6. Flat 1860-8 = Gudbrand Vigfusson [Guðbrandur Vigfússon] and C. R. Unger, eds. 1860-8. Flateyjarbók. En samling af norske konge-sagaer med indskudte mindre fortællinger om begivenheder i og udenfor Norge samt annaler. 3 vols. Christiania (Oslo): Malling.
  7. NK = Neckel, Gustav and Hans Kuhn (1899), eds. 1983. Edda: Die Lieder des Codex Regius nebst verwandten Denkmälern. 2 vols. I: Text. 5th edn. Heidelberg: Winter.
  8. ÍF 26-8 = Heimskringla. Ed. Bjarni Aðalbjarnarson. 1941-51.
  9. Hkr 1893-1901 = Finnur Jónsson, ed. 1893-1901. Heimskringla: Nóregs konunga sǫgur af Snorri Sturluson. 4 vols. SUGNL 23. Copenhagen: Møller.
  10. Hkr 1991 = Bergljót S. Kristjánsdóttir et al., eds. 1991. Heimskringla. 3 vols. Reykjavík: Mál og menning.
  11. F 1871 = Unger, C. R., ed. 1871. Fríssbók: Codex Frisianus. En samling af norske konge-sagaer. Christiania (Oslo): Malling.
  12. Falk, Hjalmar. 1914b. Altnordische Waffenkunde. Videnskapsselskapets skrifter, II. Hist.-filos. kl. 1914, 6. Kristiania (Oslo): Dybwad.
  13. Fsk 1902-3 = Finnur Jónsson, ed. 1902-3. Fagrskinna: Nóregs kononga tal. SUGNL 30. Copenhagen: Møller.
  14. ÍF 29 = Ágrip af Nóregskonunga sǫgum; Fagrskinna—Nóregs konungatal. Ed. Bjarni Einarsson. 1985.
  15. Möbius, Theodor. 1860. Edda Sæmundar hins fróða. Mit einem Anhang bisher ungedruckter Gedichte. Leipzig: Hinrichs.
  16. Lindquist, Ivar. 1929. Norröna lovkväden från 800 och 900 talen. I: Förslag till restituerad täxt jämte översättning. Lund: Gleerup.
  17. Uppström, Anders, trans. 1919. ‘Visor ur Snorre Sturlesons Konunga Sǫgur’. In Uppström 1914-19, III, 39-49.
  18. Jón Helgason, ed. 1968. Skjaldevers. 3rd edn. Copenhagen: Munksgaard.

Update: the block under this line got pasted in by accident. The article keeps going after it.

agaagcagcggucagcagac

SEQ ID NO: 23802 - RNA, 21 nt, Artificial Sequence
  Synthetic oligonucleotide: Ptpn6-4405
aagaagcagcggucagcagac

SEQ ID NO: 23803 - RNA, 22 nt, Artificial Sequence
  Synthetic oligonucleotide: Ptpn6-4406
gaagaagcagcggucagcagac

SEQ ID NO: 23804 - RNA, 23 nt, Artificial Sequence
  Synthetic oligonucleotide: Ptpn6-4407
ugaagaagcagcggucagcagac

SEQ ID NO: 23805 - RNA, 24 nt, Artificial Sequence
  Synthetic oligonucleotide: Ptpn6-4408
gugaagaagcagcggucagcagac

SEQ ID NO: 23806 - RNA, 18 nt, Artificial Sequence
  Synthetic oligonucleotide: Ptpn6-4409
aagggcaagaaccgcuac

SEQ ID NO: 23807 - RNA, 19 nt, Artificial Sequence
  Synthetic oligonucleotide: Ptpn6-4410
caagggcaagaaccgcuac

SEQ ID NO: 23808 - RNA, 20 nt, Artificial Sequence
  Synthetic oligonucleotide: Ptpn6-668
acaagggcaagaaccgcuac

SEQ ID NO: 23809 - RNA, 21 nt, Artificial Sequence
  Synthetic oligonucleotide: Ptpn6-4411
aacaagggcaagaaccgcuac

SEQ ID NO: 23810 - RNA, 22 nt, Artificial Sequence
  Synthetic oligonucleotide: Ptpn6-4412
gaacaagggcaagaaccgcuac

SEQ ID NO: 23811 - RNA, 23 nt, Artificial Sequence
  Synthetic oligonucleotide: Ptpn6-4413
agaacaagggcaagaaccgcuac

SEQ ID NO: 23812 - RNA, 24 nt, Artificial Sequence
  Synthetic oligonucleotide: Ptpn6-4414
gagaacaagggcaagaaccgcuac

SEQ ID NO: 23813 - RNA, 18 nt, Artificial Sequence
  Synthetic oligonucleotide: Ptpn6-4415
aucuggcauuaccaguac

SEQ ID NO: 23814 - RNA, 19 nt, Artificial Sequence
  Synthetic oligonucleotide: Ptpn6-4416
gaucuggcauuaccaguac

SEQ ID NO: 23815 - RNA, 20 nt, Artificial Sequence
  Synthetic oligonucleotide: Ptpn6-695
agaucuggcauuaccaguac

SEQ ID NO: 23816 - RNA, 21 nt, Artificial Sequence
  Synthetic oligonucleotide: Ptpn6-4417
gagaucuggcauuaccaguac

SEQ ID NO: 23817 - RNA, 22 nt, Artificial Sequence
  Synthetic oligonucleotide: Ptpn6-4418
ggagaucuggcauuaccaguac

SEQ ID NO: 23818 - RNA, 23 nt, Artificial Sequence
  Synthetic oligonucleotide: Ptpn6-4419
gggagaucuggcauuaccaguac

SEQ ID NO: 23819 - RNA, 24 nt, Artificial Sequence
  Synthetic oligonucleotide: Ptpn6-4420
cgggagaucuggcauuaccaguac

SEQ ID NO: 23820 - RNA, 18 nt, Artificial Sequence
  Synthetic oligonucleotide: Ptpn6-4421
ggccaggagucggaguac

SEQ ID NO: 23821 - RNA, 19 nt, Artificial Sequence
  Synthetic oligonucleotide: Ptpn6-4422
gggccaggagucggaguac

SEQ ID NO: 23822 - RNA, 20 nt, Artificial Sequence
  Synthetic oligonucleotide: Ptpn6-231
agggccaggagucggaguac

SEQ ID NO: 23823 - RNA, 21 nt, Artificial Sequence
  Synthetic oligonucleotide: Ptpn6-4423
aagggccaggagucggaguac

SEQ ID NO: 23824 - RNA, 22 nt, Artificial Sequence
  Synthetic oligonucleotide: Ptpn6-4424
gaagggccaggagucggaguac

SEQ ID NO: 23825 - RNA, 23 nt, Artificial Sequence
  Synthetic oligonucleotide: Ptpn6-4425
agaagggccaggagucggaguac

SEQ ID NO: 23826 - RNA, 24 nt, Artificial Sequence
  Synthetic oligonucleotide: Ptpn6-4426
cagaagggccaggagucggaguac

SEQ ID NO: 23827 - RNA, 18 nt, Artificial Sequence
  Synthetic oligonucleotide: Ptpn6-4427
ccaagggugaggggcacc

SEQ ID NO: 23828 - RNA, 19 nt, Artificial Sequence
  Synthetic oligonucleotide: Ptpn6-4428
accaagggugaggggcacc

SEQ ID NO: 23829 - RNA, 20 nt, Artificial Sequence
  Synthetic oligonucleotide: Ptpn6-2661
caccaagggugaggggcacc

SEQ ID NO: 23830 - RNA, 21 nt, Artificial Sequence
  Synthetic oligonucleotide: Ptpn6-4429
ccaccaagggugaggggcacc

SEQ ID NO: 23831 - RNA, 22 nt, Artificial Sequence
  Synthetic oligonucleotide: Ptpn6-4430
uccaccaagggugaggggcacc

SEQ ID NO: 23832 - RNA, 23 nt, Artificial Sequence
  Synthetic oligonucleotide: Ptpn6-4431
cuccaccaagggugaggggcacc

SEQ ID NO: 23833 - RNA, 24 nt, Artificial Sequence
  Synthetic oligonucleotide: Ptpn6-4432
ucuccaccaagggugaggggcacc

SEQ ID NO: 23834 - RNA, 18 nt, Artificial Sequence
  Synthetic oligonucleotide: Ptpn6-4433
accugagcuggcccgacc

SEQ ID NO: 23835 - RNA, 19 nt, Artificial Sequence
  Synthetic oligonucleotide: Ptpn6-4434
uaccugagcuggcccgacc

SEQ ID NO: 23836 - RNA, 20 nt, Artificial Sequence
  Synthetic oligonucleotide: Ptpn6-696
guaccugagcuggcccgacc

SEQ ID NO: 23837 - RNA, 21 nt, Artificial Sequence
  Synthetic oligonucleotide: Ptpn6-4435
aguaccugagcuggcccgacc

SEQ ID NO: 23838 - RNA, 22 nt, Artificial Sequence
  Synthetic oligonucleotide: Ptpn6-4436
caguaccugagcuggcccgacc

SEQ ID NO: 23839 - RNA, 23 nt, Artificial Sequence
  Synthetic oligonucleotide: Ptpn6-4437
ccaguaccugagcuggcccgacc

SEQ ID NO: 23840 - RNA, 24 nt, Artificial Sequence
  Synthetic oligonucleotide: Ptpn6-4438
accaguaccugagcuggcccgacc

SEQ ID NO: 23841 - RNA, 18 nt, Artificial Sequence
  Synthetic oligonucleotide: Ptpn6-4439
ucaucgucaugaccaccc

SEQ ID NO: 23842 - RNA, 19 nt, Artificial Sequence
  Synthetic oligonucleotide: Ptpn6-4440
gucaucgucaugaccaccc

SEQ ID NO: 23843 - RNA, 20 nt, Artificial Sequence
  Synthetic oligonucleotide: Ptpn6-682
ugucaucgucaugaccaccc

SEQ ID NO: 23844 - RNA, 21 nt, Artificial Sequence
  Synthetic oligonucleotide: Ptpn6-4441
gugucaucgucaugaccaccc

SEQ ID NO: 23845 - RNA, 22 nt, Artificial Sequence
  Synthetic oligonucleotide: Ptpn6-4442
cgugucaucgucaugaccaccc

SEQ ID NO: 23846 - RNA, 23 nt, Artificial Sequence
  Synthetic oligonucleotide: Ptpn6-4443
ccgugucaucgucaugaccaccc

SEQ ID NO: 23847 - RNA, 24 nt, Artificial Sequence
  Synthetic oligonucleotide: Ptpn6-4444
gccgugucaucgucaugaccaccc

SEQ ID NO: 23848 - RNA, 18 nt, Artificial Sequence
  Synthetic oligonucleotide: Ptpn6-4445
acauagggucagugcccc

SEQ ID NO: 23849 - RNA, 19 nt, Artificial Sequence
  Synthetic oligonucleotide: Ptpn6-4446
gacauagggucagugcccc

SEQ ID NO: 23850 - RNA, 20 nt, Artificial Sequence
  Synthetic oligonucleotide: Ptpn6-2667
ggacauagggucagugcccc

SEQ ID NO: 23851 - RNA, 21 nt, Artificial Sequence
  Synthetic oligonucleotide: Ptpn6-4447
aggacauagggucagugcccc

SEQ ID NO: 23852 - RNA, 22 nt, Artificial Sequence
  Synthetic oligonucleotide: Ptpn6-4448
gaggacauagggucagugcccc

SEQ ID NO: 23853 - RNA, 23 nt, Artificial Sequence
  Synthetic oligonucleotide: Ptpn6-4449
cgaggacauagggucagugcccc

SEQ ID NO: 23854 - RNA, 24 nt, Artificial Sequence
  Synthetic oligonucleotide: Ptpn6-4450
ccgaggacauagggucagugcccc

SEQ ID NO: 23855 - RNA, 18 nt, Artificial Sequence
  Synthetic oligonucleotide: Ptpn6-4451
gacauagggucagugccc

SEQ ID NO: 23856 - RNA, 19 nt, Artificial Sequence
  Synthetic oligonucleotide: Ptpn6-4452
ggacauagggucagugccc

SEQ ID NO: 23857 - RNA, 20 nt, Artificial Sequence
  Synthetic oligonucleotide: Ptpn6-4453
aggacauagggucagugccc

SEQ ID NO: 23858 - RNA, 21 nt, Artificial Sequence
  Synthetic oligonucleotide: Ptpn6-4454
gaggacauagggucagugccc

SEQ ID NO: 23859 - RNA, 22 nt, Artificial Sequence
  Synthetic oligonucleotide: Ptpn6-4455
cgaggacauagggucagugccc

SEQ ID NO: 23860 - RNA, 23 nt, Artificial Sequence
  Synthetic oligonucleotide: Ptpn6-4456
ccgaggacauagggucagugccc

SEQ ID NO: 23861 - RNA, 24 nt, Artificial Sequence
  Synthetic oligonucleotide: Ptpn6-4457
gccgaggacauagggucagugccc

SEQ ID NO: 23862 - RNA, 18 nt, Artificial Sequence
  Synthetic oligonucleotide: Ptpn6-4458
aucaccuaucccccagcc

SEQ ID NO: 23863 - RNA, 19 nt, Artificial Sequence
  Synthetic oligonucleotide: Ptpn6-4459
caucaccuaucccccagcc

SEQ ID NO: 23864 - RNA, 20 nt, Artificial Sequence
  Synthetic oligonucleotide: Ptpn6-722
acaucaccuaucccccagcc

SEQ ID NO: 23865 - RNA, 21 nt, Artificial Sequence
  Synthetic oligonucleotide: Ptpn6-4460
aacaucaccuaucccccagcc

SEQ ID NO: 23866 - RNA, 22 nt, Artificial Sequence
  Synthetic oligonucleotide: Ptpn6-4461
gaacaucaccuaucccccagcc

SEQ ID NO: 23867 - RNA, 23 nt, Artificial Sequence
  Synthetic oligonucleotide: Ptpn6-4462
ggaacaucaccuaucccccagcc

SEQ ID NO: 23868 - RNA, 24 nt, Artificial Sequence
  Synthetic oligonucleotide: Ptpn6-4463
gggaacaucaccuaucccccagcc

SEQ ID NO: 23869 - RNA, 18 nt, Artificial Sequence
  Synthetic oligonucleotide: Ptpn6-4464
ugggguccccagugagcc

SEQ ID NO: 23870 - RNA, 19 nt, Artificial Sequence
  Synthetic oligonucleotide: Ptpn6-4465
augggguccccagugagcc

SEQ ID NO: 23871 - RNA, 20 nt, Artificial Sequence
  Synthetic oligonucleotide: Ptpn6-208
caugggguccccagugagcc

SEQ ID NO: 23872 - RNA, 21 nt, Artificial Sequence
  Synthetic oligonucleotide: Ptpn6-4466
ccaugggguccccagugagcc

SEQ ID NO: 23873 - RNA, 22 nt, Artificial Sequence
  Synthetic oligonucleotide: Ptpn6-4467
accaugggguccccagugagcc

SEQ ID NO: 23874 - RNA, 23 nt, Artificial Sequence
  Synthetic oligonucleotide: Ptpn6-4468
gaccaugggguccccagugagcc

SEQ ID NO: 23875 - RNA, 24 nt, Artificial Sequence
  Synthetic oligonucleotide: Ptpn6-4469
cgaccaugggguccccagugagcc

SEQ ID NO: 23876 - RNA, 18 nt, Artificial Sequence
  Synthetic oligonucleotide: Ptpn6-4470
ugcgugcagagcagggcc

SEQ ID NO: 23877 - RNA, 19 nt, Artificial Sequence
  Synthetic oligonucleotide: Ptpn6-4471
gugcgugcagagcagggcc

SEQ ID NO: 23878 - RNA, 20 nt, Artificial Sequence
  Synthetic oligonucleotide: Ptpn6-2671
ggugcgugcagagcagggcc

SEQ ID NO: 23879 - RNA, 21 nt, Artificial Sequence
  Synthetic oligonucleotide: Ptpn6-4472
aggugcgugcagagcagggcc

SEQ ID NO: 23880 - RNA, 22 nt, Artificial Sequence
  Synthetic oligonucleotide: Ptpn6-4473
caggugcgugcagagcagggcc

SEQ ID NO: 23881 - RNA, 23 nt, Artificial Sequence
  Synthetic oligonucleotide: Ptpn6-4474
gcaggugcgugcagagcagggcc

19. Jón Helgason. 1946. ‘Haraldskvæði’. Tímarit Máls og menningar, 131-46.
  20. Liberman, Anatoly. 2003. ‘Berserkir: A Double Legend’. In Simek et al. 2003, 337-40.
  21. See, Klaus von. 1961a. ‘Excurs zum Haraldskvæði: Berserker’. Zeitschrift für deutsche Wortforschung 17, 129-35. Rpt. in von See 1981a, 311-17.
  22. Blaney, Benjamin. 1993. ‘Berserkr’. In MedS, 37-8.
  23. Hkr 1777-1826 = Schöning, Gerhard et al., eds. 1777-1826. Heimskringla edr Noregs konunga-sögor. 6 vols. Copenhagen: Stein.
  24. Hkr 1868 = Unger, C. R., ed. 1868. Heimskringla eller Norges kongesagaer af Snorre Sturlassøn. Christiania (Oslo): Brøgger & Christie.
  25. Internal references
  26. (forthcoming), ‘ Unattributed, Haralds þáttr hárfagra’ in Kari Ellen Gade (ed.), Poetry from the Kings’ Sagas 2: From c. 1035 to c. 1300. Skaldic Poetry of the Scandinavian Middle Ages 2. Turnhout: Brepols, p. . <https://skaldic.org/m.php?p=text&i=137> (accessed 22 September 2021)
  27. (forthcoming), ‘ Heimskringla, Haralds saga hárfagra’ in Kari Ellen Gade (ed.), Poetry from the Kings’ Sagas 2: From c. 1035 to c. 1300. Skaldic Poetry of the Scandinavian Middle Ages 2. Turnhout: Brepols, p. . <https://skaldic.org/m.php?p=text&i=140> (accessed 22 September 2021)
  28. Not published: do not cite ()
  29. Kari Ellen Gade (ed.) 2009, ‘Einarr Skúlason, Ingadrápa 3’ in Kari Ellen Gade (ed.), Poetry from the Kings’ Sagas 2: From c. 1035 to c. 1300. Skaldic Poetry of the Scandinavian Middle Ages 2. Turnhout: Brepols, pp. 564-5.
Close

Log in

This service is only available to members of the relevant projects, and to purchasers of the skaldic volumes published by Brepols.
This service uses cookies. By logging in you agree to the use of cookies on your browser.

Close

Stanza/chapter/text segment

Use the buttons at the top of the page to navigate between stanzas in a poem.

Information tab

Interactive tab

The text and translation are given here, with buttons to toggle whether the text is shown in the verse order or prose word order. Clicking on indiviudal words gives dictionary links, variant readings, kennings and notes, where relevant.

Full text tab

This is the text of the edition in a similar format to how the edition appears in the printed volumes.

Chapter/text segment

This view is also used for chapters and other text segments. Not all the headings shown are relevant to such sections.